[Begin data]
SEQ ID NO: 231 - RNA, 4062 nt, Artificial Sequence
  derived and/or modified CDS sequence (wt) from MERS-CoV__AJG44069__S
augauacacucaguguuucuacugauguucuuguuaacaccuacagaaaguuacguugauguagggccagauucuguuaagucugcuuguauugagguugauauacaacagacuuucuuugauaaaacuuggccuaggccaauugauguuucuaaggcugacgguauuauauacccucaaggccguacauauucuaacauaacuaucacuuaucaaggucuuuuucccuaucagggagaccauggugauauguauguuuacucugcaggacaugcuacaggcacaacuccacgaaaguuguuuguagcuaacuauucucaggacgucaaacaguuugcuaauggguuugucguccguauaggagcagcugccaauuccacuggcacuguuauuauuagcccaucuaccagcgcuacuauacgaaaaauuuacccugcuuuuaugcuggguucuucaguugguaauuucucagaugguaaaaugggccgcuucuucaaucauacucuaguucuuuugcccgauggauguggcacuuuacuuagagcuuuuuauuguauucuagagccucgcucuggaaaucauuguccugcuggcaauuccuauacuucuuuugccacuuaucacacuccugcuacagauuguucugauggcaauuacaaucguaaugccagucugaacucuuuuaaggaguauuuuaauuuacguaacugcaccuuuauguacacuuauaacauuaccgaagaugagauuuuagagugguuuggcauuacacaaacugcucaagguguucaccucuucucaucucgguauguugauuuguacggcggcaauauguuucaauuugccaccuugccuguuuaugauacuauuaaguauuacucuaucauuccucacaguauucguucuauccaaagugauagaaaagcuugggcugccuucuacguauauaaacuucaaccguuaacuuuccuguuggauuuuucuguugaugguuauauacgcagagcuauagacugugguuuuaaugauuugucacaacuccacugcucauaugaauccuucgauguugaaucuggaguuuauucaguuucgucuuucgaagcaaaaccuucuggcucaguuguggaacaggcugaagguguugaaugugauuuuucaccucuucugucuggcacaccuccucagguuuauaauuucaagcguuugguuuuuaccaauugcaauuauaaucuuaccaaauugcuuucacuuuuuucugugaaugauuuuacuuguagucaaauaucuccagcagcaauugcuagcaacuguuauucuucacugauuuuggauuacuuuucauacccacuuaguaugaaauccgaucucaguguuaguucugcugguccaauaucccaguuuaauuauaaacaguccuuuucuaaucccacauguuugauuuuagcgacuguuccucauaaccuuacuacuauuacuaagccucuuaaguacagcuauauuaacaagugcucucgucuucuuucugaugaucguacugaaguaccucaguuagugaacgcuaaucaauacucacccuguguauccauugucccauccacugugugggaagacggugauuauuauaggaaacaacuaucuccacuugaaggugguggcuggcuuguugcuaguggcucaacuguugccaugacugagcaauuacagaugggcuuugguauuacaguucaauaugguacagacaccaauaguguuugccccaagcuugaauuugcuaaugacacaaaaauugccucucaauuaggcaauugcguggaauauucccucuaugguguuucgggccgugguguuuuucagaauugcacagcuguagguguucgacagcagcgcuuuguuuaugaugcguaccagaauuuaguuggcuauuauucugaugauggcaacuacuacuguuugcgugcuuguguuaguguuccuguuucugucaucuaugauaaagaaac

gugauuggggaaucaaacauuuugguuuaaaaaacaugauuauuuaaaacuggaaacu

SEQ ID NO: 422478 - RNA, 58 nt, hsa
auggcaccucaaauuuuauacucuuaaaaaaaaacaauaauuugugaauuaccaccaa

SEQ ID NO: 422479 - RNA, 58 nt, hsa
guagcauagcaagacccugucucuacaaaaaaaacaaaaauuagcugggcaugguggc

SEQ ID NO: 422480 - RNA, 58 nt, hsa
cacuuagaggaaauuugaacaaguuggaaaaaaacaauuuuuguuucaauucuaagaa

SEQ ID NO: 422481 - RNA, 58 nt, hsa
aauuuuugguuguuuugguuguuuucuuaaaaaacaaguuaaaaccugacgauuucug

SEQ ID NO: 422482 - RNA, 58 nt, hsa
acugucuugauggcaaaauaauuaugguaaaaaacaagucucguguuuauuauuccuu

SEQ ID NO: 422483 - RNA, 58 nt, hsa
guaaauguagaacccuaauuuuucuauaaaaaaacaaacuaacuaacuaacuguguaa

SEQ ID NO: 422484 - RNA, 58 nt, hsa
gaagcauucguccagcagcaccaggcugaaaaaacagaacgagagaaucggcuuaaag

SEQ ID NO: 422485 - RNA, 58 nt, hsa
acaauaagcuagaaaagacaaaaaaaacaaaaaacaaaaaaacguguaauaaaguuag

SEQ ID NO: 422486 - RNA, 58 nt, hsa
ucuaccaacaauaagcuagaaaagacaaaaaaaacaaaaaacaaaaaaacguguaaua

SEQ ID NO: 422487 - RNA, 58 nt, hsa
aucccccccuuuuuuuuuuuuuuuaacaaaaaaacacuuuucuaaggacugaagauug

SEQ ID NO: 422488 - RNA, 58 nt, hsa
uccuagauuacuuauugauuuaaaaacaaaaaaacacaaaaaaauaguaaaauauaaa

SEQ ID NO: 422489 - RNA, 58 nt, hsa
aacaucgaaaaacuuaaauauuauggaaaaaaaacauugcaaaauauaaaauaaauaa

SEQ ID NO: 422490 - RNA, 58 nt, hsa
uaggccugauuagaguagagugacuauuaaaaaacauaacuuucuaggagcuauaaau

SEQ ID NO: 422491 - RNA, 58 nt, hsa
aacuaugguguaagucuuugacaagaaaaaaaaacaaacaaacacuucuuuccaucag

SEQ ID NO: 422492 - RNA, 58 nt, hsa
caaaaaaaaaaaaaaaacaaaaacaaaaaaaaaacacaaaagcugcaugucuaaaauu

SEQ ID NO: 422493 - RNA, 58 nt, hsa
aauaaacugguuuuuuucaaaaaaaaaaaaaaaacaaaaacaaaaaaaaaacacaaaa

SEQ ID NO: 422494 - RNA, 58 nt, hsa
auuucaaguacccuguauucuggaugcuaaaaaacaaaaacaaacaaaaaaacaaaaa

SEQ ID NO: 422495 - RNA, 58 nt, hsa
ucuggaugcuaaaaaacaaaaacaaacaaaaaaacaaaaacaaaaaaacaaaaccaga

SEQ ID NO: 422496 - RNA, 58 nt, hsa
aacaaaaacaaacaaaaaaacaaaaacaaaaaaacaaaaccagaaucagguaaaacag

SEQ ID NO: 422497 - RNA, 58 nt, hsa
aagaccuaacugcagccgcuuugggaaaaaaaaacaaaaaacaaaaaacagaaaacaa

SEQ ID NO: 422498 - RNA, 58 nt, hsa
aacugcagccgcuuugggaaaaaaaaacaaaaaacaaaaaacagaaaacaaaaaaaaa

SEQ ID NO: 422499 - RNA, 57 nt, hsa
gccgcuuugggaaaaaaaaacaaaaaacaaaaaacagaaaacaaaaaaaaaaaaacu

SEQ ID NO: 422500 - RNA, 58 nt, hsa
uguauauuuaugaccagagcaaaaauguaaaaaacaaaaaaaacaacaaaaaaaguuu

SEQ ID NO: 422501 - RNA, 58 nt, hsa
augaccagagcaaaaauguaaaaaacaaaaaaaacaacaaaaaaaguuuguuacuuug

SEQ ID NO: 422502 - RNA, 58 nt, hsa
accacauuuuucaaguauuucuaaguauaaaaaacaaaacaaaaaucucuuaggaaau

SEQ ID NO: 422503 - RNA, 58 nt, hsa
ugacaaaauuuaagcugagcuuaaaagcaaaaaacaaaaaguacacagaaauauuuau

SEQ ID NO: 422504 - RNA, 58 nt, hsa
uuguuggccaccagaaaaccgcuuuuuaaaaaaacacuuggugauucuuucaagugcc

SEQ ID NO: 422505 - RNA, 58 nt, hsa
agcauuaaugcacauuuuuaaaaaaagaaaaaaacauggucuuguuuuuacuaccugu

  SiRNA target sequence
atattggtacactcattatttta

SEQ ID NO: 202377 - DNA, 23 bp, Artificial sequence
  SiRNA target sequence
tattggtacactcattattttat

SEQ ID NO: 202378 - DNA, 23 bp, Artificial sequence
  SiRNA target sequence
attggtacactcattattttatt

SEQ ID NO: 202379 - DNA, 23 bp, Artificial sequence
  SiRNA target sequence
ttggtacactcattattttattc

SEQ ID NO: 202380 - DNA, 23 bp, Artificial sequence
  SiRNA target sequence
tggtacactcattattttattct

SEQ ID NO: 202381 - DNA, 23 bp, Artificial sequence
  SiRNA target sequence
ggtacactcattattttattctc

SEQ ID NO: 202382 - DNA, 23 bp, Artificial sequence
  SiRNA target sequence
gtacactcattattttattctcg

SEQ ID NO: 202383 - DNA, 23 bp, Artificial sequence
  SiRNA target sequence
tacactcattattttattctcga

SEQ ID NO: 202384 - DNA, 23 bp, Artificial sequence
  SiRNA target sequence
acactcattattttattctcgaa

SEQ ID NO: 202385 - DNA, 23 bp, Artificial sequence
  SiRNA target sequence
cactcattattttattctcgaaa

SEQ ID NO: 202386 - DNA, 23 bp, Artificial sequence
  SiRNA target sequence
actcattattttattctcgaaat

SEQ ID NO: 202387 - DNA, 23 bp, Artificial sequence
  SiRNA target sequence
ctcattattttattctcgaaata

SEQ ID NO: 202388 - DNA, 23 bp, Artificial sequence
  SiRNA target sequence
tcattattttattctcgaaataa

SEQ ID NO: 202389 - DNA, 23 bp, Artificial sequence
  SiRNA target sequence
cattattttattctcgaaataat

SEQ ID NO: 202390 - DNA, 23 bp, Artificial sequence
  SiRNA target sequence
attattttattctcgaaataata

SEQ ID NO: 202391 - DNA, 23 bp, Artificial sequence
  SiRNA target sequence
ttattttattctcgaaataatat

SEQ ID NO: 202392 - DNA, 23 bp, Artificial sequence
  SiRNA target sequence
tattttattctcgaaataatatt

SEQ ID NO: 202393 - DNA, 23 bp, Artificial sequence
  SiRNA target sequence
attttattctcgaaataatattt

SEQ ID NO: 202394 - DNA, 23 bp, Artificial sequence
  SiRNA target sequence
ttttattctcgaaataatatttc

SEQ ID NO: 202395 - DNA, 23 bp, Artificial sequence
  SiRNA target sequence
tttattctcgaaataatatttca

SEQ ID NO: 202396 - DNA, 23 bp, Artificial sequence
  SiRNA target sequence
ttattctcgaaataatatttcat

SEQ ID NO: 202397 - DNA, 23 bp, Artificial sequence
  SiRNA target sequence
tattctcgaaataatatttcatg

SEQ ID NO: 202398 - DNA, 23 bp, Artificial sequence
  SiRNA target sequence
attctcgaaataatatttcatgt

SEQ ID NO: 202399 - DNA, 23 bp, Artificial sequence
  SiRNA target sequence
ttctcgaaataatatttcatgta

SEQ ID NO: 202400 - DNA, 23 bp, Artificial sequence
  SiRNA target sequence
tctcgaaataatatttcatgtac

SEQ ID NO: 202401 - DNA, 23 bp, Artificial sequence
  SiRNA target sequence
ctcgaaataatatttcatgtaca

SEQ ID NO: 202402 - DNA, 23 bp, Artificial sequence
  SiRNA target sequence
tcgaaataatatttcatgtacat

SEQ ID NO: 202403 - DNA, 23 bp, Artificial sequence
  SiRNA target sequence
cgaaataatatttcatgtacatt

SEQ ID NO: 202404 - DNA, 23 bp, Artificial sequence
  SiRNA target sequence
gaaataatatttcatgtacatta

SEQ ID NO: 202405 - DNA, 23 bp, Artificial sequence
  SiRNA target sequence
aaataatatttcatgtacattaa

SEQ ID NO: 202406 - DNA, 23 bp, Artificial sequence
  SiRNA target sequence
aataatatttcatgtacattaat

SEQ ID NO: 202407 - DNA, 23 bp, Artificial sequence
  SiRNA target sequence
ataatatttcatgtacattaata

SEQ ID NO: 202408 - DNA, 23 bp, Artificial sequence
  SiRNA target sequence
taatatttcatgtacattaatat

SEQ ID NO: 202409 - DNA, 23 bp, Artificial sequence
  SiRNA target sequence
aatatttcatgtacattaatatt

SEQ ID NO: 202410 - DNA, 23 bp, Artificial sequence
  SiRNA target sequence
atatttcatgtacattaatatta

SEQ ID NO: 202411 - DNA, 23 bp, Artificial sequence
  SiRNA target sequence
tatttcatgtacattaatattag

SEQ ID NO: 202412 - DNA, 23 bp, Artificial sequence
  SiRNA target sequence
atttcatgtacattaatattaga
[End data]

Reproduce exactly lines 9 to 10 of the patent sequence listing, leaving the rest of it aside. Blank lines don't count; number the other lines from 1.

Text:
SEQ ID NO: 422480 - RNA, 58 nt, hsa
cacuuagaggaaauuugaacaaguuggaaaaaaacaauuuuuguuucaauucuaagaa